He says it’s important to avoid caffeine – whether in the form of soda, tea, coffee or an energy drink – for at least six hours before bedtime because it can remain in your bloodstream and affect your ability to get needed shut-eye.
“It can become a vicious cycle,” Dr. Owolabi says. “When you rely on caffeine to help get you through the day, it can impede your ability to sleep the following night, which can prompt you to turn to caffeine again to get through the next day.”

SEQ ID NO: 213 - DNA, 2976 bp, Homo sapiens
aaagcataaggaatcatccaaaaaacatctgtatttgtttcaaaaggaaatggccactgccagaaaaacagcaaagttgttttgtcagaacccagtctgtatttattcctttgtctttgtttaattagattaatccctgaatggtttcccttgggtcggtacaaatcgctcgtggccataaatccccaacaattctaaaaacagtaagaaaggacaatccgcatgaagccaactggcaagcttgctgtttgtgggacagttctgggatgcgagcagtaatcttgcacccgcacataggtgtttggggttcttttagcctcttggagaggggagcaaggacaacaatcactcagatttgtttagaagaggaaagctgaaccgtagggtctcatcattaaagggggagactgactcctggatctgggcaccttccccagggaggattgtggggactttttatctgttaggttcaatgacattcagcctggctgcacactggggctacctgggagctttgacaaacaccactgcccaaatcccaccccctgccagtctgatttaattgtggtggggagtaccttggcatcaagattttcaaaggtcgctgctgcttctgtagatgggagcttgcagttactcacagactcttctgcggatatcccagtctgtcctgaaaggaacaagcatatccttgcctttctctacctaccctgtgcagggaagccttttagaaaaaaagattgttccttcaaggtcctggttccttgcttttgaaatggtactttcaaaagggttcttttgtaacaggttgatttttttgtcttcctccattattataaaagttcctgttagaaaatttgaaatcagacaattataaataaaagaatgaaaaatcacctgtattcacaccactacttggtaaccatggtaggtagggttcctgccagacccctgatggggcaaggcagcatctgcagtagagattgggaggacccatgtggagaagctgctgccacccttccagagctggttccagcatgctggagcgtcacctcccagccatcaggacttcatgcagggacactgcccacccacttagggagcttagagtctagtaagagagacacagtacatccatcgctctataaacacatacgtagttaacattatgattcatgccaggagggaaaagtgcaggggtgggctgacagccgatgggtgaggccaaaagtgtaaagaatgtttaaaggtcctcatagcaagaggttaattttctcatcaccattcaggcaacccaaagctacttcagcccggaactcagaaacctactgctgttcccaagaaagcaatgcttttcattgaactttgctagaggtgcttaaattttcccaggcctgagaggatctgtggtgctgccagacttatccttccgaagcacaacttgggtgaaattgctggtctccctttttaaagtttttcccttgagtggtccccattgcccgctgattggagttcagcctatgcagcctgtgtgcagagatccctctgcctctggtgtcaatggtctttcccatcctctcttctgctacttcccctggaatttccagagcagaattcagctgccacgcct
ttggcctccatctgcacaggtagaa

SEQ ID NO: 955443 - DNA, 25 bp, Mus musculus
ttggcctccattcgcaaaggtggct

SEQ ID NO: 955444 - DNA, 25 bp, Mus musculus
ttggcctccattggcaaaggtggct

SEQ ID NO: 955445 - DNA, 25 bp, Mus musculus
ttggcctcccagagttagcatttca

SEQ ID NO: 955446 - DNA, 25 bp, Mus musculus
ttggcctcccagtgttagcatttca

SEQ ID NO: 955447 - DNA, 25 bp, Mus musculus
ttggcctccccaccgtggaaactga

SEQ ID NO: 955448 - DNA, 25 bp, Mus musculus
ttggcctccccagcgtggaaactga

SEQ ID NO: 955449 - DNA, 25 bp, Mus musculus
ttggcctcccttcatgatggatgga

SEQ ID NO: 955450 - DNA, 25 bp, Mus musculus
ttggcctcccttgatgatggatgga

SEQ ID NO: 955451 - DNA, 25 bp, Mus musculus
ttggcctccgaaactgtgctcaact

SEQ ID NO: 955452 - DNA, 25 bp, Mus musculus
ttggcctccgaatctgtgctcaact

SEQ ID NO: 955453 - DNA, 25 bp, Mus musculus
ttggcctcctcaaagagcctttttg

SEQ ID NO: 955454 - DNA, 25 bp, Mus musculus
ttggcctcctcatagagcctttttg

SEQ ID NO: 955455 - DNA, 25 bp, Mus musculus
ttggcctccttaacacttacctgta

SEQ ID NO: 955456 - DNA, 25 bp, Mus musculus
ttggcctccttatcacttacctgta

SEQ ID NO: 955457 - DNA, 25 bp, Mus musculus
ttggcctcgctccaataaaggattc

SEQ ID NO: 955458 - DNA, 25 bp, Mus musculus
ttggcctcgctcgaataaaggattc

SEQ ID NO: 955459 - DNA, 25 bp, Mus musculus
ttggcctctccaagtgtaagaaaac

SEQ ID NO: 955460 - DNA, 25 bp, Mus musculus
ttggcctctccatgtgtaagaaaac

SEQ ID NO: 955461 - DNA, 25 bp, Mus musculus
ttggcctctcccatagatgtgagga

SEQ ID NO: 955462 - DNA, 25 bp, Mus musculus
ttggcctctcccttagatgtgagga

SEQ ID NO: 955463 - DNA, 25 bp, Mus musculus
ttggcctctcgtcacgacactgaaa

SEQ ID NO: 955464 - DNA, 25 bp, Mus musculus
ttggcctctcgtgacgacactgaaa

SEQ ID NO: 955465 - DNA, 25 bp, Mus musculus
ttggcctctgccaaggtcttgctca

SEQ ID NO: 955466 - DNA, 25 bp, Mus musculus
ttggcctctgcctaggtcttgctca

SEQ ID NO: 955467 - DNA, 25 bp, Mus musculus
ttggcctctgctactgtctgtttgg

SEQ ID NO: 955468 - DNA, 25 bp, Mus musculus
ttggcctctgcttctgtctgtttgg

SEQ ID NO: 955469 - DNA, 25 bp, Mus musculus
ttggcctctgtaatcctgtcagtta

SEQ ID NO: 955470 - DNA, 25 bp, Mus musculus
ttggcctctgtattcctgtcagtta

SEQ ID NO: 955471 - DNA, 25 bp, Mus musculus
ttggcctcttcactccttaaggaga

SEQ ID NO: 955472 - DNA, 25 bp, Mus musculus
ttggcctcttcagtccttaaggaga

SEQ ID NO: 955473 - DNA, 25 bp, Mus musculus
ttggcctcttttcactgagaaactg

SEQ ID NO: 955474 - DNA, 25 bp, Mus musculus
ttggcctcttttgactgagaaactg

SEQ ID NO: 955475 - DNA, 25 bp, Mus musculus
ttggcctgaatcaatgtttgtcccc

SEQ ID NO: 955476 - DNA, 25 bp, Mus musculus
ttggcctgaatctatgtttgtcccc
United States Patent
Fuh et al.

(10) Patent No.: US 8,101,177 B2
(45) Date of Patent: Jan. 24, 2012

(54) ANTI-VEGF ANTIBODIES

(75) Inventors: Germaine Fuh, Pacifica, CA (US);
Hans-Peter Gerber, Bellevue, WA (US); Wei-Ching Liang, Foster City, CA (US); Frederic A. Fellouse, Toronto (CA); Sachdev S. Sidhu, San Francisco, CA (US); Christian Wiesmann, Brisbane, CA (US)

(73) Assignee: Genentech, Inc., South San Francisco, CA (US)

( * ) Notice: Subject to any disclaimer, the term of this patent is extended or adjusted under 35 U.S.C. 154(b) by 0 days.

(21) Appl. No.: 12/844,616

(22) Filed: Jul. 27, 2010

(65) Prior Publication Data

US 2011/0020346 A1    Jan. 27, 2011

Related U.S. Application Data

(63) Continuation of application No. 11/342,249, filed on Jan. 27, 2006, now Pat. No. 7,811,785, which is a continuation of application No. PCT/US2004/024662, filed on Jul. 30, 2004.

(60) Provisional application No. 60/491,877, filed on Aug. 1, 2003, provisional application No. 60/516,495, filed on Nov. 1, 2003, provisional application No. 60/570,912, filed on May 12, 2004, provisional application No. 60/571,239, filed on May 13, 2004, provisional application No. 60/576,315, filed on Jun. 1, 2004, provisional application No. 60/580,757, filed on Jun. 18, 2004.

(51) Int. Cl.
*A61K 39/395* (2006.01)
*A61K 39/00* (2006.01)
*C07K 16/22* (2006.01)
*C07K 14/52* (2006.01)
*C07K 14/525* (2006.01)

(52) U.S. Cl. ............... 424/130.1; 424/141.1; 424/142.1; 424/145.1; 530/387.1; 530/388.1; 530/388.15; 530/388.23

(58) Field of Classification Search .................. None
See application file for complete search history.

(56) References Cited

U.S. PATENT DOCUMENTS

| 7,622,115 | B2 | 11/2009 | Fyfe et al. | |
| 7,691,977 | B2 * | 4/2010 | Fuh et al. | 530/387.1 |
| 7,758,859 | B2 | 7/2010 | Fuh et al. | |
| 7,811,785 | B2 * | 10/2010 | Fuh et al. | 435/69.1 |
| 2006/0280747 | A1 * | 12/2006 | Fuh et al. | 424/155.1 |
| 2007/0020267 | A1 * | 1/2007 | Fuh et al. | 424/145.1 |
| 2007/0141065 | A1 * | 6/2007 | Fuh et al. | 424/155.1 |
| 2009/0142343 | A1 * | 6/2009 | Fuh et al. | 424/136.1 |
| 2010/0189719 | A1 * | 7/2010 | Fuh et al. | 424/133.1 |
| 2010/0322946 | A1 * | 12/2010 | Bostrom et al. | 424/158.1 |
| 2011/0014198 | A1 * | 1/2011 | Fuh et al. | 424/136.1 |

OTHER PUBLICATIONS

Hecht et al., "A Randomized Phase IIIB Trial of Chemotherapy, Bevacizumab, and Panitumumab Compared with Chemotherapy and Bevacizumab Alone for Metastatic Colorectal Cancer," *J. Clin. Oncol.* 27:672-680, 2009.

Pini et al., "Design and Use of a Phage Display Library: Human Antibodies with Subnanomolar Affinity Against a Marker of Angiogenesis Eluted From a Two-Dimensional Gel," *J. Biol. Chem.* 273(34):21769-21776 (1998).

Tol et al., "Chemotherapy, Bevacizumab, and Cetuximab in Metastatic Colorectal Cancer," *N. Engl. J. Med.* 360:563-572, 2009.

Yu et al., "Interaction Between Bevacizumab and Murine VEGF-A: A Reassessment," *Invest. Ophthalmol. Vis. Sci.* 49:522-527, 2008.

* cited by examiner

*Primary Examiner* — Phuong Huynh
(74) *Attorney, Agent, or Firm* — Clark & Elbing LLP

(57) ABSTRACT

Ultimately, the more we depend on caffeine to compensate for poor sleep, the worse we’re likely to feel and perform over time, he says. That’s why it’s important to talk to your family medicine physician or another qualified provider if you are routinely struggling to sleep.
“We sleep for so many more reasons than being alert,” Owolabi says. “If it gets to the point that you need caffeine every day just to get going, that’s something you want to talk about with your physician. We’re here to help.”